Thursday, February 3, 2011

First Chicken killed for meat

Killing your own food to eat
Well, we finally killed our first chook for meat, it was one of the first lot of  chickens we had, way back here

He was a male, and had just started crowing, so off with his head.  While it's difficult, it's also probably the most wholistic way of sourcing your own meat.  Buying them from the Supermarket having been raised in who knows what conditions, with you several steps removed from the process seems somewhat surreal in retrospect.  We keep the hens for laying eggs.  I guess I am now one of those people that thinks if you can't kill and prepare your own meat you really should not be eating it.

Slaughtered, plucked and gutted...
Anyway, we need to let him sit in the fridge for two days or so to let the rigor mortis out of his muscles, so he's not so tough.  Being so young he should make a lovely roast.  He weighs 1.5 kg, so the same as a size 15 chook from the supermarket but raised ah la natural.

Doing your own repairs
While we like that we're self sufficient in power and water etc sometimes things break down and need repairing, like this join in our main water line.

We noticed the tank had emptied much more quickly then it should have, with all the rain about it is tricky to try and find a water leak in the rain but we finally tracked it down to a really soggy patch right near the main pump itself, after a bit of excavation this is what we found, sure enough !!.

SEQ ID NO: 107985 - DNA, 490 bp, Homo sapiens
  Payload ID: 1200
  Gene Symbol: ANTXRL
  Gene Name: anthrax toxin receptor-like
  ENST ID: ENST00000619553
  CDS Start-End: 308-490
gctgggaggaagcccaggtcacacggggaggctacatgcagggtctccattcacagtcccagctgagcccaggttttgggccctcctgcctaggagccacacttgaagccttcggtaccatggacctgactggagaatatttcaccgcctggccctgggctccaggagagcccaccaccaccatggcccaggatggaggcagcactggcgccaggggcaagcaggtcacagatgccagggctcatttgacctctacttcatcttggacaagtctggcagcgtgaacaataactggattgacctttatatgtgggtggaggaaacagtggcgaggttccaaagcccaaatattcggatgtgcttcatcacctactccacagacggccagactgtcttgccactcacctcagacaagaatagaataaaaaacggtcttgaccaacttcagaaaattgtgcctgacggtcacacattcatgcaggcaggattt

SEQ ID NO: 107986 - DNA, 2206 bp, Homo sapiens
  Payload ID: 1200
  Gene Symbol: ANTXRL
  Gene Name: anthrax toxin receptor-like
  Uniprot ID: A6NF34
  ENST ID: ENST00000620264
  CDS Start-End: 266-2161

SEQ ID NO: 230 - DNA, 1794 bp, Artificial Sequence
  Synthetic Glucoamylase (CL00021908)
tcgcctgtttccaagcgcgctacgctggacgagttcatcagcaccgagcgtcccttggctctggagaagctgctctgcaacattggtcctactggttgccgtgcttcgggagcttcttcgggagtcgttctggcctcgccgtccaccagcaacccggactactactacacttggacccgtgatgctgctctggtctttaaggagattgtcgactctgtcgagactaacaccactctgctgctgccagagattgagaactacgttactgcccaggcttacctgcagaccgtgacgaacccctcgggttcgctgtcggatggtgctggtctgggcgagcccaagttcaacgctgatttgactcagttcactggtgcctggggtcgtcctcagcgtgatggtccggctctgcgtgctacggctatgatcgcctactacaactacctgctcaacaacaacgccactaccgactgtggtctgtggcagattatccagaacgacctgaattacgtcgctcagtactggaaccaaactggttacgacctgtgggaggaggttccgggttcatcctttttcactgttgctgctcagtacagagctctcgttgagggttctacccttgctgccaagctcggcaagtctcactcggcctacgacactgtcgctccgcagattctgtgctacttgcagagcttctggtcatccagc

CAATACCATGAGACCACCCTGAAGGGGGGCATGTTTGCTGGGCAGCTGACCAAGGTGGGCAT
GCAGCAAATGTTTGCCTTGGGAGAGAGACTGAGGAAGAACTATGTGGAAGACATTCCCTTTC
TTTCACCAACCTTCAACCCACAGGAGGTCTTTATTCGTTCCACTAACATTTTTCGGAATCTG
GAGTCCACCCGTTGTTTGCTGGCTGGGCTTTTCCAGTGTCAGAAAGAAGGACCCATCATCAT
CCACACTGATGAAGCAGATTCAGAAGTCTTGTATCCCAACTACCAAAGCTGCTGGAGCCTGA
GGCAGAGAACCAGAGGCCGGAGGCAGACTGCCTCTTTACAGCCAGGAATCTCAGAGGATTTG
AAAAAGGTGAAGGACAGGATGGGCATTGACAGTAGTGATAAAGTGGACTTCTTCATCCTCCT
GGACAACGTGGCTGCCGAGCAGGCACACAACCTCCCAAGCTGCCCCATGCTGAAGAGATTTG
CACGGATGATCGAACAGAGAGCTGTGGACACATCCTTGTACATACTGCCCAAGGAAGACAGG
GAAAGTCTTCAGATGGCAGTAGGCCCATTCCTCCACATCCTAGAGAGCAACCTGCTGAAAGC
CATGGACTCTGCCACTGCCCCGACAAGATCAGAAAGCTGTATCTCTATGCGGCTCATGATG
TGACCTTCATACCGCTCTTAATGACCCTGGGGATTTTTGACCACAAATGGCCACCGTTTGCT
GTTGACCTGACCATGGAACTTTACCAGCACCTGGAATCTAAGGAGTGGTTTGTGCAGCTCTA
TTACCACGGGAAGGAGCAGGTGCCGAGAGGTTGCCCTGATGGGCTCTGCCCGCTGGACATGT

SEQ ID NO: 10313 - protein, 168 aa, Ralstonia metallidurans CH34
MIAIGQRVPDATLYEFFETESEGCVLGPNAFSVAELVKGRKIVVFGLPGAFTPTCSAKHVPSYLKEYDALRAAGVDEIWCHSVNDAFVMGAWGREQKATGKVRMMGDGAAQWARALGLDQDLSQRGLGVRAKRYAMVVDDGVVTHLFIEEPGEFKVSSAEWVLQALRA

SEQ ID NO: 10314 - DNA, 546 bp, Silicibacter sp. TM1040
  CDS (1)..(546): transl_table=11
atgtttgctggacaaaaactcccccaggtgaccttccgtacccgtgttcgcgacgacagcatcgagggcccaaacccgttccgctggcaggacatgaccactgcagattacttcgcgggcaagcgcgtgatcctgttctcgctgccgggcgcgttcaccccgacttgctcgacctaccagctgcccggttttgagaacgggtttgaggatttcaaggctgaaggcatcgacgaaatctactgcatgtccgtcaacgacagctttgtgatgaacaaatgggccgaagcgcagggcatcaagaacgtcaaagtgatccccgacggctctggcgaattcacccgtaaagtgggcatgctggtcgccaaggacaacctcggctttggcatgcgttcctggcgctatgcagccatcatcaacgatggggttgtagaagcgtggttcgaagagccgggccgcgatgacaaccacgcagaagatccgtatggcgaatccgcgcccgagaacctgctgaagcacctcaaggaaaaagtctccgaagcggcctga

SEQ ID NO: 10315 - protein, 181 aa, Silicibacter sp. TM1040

We had to go into town and grab some fittings and do a few repairs.

Wednesday, February 2, 2011

More fruit trees and other things

Fruit Trees

We plant a few new fruit trees each year, just planted a Eureka Lemon, 2 Passionfruit and 2 Paw Paws today.  After digging the holes, I filled them with water, waited until they drained then used our compost to fill them, watered the plants and then mulched them with Comfrey leaves.

New Paw Paw
New Eureka Lemon

The Dwarf Mulberry we planted a few months ago (Nov 2010) (below) seems to be doing okay, at the same time we did 2 x Pecan, 2 x Japoticaba, 2x Pecan and 1 x Passionfruit and 1 x Black Sapote.

Dwarf Black Mulberry

The Raspberries are coming along, here's where they were first planted back in June and we've collected a 1/2 dozen off them.  We don't really expect many until next year.

Raspeberry Canes

They all seem to be doing fine so far but the Avocado we planted earlier last year looks like it might have succumbed to the constant months of rain we had.  I assume that's what's done it in ?
Sorry looking Avocado

It has been quite hot here lately, the only warm weather we have had so far this Summer.  We often duck down to a nearby creek for a cooling swim, it's a beautiful spot.  The pic below was taken with me in the water up to about my hips.

Swimming hole in a creek  near us, lovely in the Summer heat
Native Animals
Being in the bush of course we get a plethora of native animals, unfortunately the Goannas are in abundance now and it can be difficult keeping them out of the chook-pen, inevitably we loose some of the eggs to the buggers.  
Goanna enjoying a nap in the tree !

but we also get  snakes of all sorts, like this Python on the driveway
Carpet Python

and a family of kangaroos getting some shade relief under the Olive tree.
Mum, Dad and baby enjoying the shade